I’m not an expert painter when it comes to painting miniatures. I know I don’t have all the answers and there are probably better ways to prepare, paint, and finalize a miniature than my methodology. However, I am always looking at sites that give insight on how I can improve and before I ever started painting miniatures I did research to figure out where to start. I have just recently finished painting my first Warmachine Army, Cygnar. I did some experimentation this time around and I like the results.
If you are new to miniature painting you probably feel overwhelmed when you see all the awesome painted miniatures out there. My first suggestion to you, don’t compare your skill level to others. Some people get paid to paint miniatures and those are usually the ones you see in the game catalogs. Others have been doing it for awhile and practice makes perfect. You have to start somewhere so just keep painting and you will develop your skill.
Besides needing the miniature(s) you intend to paint you will need some supplies to get you started. This is probably the most expensive part about getting into painting miniatures. One thing to keep in mind though is this is a very limited investment. You will use some of the same paints for a long time and some supplies you won’t ever need to replace. Here is what I would recommend for your painting needs:
Paints- I use Game Color but you can use about any paint. However, the cheaper acrylics you get at the craft stores don’t have the greatest quality when compared to Game Color, Citadel, or Reaper paints.
What colors should you start with – I would highly recommend black, white, red, blue, yellow, brown, silver, and gold. These are the ones you should buy at the very least. You can mix about any color out there with these colors. However, if you know that a particular model you are painting uses a lot of one color, lets say green, then I would advise buying a bottle of green paint rather than mixing all the time. You can make your own but it is easier to just buy it.
Some other supplies- Super glue (I like Gorilla Super Glue), needle file, paint brushes, paint pallette, primer or spray paint (I like Rustoleum flat black or white), newspaper, a box, paper towels, and an old cup.
Optional supplies-Clear coat spray, flock, nails, hot glue gun, either a black or brown wash and ballast rocks.
The first thing you have to do is glue your miniatures. To me this is my least favorite part. There are several tips to gluing miniatures. You can breathe on it while holding it to get the glue to dry quicker or use my water trick. You can use the needle file to sand the ends that are being glued together to create a better area for the glue to grab onto.The needle file is also handy for removing excess material called flash from the models. It can also be used to smooth out rough spots that happened during production too.
Some people recommend washing the miniatures with soap and water before you prime or paint to remove any dirt that may cause problems with the paint adhering. I will admit I’ve never done this because I’m usually too excited to start the painting process.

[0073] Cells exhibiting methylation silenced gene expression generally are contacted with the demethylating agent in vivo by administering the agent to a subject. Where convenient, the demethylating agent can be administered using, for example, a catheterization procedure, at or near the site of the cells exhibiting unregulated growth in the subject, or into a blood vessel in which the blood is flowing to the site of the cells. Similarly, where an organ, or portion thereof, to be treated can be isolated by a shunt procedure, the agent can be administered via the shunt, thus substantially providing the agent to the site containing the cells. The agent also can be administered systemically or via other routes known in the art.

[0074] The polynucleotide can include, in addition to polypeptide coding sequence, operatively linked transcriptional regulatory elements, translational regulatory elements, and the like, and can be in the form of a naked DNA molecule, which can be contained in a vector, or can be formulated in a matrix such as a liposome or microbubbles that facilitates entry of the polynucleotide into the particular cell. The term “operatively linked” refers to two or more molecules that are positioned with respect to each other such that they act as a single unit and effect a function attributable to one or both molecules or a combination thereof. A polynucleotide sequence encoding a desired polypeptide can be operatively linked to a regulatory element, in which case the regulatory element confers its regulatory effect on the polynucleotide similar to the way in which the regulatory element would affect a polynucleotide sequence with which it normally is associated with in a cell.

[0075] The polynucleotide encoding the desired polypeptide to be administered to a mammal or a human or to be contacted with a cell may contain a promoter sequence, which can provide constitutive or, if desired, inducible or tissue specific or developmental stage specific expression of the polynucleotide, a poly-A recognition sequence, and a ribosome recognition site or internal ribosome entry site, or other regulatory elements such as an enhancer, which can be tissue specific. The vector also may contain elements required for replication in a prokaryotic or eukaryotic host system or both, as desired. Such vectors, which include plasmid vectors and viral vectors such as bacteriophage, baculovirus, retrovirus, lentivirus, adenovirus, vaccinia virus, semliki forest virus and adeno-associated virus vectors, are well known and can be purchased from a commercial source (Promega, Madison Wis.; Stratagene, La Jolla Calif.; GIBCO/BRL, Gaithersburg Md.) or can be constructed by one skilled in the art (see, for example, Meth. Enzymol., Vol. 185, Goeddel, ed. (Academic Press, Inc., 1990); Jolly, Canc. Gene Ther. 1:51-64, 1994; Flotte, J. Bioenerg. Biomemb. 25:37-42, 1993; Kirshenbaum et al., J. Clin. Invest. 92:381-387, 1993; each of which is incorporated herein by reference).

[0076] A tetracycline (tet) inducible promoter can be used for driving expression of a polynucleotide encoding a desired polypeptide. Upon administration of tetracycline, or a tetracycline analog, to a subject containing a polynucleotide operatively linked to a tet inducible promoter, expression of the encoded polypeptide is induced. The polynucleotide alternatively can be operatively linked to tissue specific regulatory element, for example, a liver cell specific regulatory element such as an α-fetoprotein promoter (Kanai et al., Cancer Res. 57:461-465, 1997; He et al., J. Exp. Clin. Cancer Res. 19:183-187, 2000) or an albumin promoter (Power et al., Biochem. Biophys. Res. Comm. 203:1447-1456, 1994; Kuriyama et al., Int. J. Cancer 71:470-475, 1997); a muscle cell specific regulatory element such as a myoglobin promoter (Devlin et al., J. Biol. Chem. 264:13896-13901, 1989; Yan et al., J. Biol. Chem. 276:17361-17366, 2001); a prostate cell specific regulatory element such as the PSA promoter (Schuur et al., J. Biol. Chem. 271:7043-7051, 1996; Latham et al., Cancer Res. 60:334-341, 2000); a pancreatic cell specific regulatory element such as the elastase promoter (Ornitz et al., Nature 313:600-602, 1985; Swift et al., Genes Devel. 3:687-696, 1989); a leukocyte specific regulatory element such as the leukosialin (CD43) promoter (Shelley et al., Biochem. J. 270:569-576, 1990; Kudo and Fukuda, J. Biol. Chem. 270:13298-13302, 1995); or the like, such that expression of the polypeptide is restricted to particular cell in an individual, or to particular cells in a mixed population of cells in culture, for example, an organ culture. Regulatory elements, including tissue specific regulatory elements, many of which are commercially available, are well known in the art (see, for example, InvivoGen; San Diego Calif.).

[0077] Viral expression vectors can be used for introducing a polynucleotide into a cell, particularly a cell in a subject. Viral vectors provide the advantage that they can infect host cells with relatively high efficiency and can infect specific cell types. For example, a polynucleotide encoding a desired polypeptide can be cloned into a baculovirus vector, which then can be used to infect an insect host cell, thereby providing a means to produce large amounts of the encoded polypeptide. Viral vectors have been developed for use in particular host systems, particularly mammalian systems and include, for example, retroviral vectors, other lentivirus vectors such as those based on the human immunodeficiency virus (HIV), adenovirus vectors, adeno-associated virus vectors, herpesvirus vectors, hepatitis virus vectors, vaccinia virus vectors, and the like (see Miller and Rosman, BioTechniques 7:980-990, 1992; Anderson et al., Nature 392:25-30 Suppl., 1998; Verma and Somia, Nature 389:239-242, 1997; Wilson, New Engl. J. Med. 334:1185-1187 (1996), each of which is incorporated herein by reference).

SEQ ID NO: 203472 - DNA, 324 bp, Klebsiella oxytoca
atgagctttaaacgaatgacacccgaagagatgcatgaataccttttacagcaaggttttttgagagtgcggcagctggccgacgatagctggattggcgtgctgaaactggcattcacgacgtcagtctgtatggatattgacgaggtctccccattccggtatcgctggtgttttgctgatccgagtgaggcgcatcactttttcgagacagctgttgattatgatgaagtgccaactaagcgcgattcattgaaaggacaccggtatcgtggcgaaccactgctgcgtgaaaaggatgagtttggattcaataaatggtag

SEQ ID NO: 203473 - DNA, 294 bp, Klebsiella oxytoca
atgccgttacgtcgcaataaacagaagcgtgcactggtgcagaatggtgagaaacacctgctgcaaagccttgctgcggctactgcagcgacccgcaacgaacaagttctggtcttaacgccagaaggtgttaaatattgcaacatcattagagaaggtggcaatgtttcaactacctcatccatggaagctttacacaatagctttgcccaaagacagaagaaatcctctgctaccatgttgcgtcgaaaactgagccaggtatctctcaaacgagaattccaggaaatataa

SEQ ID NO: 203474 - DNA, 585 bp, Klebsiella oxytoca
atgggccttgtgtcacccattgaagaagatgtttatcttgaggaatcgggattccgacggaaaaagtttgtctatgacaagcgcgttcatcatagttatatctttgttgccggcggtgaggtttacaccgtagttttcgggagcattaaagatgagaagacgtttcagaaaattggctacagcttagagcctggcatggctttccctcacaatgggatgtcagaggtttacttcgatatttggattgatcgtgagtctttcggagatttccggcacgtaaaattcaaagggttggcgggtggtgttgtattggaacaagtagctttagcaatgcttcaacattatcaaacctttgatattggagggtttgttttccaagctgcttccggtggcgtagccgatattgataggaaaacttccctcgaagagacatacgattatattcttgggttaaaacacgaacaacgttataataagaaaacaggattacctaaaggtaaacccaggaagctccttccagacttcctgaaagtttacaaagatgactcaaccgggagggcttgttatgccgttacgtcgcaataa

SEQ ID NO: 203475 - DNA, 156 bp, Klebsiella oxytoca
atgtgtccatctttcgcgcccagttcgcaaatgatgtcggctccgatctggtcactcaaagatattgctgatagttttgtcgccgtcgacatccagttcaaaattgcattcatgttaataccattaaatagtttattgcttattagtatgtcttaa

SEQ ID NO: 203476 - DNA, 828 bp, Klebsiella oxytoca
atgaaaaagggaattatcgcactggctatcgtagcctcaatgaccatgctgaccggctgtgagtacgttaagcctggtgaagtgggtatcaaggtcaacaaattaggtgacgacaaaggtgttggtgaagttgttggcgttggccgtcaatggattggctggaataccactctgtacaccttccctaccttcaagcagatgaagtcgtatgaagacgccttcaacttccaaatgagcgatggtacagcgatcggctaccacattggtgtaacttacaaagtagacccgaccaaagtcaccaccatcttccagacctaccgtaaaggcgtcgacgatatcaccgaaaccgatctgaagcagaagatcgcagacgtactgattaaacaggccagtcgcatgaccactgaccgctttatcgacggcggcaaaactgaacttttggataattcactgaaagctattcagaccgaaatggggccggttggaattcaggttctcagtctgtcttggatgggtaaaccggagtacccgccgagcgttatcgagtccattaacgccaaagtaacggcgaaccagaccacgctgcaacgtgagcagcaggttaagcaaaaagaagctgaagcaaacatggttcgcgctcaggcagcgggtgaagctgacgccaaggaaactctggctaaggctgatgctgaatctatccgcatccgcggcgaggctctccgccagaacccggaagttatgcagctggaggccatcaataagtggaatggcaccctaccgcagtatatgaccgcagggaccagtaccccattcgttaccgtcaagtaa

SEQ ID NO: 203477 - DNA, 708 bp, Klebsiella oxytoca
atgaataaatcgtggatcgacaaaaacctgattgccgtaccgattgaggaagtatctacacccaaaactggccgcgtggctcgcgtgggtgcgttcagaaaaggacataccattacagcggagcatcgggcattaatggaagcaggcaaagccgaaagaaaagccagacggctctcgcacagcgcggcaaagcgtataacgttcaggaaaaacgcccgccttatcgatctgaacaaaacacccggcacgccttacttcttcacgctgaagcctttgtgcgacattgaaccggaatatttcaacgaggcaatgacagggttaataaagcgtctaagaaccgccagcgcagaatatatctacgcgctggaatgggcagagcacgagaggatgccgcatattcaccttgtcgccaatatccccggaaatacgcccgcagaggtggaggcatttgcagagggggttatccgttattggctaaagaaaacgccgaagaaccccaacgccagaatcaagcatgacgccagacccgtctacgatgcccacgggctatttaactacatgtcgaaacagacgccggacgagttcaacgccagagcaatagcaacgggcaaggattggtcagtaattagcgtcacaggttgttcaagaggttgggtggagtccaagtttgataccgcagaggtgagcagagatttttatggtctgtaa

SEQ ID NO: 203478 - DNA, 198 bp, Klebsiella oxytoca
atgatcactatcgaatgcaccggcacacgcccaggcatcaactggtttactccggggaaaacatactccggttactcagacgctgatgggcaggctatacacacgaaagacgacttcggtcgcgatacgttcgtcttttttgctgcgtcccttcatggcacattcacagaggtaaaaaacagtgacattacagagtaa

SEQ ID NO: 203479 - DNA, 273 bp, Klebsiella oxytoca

This is a personal choice on how to prepare for priming. One option you could hot glue your minis on a nail (no base attached) poke holes in box then prime them. Another option you could glue the minis on their bases then set them on a box to prime them. I don’t really have a preference because I like both methods.
An option before you prime your mini is to put down the base terrain such as flock and ballast rocks. The primer will seal in the loose flock and ballast and you can paint the terrain later. It is completely optional on putting terrain on the base. You could just paint the base to make things simplier. If you want to put terrain on the base I would recommend using Elmer’s glue using a 3 parts glue to 1 part water to make a nice glue mix you can brush on the base then sprinkle on the flock, ballast rocks, etc.
The next step is giving your minis a nice coat of primer. This is essential to making sure the paint will stick if you are using metal minis but it isn’t a bad idea to prime plastic minis too. I usually put the minis on a box to prime them and to let them dry. This helps so I don’t have to touch the minis while they are drying and possibly ruin the prime job.
Once your prime is dry you can start painting. (Lay down the newspaper to keep your table from getting paint on it.) The biggest advice I can give here is work from the inside out. If your character has a human face paint it first, paint the shirt or armor that is on the inside, then work your way outwards. This helps because the inside paint jobs will typically overflow to the outer surfaces. I would also suggest work with one color at a time because paints dry quickly on the palette. Keep a water cup nearby so you can clean your brush and a paper towel is helpful to clean the excess water off your brush too.
If you want to get fancy with your painting try dry brushing and washes. These help with pulling out the details in your model. These are completely optional so if you just want to get some color done you can skip these.
Another option is clear coating your minis. Not everyone does this and it isn’t really necessary. I personally clear coat my minis so it seals in the paint and I won’t have to worry as much about the paint chipping. However, if you have a nice way of storing or carrying your minis then you can safely skip this step.
Hopefully you found these tips helpful and you are excited to get started on painting your own minis. I find it is a great way to relax at the end of a stressful day and it is very rewarding seeing your minis painted on your playing table. Just remember to have fun with it and don’t be afraid to experiment.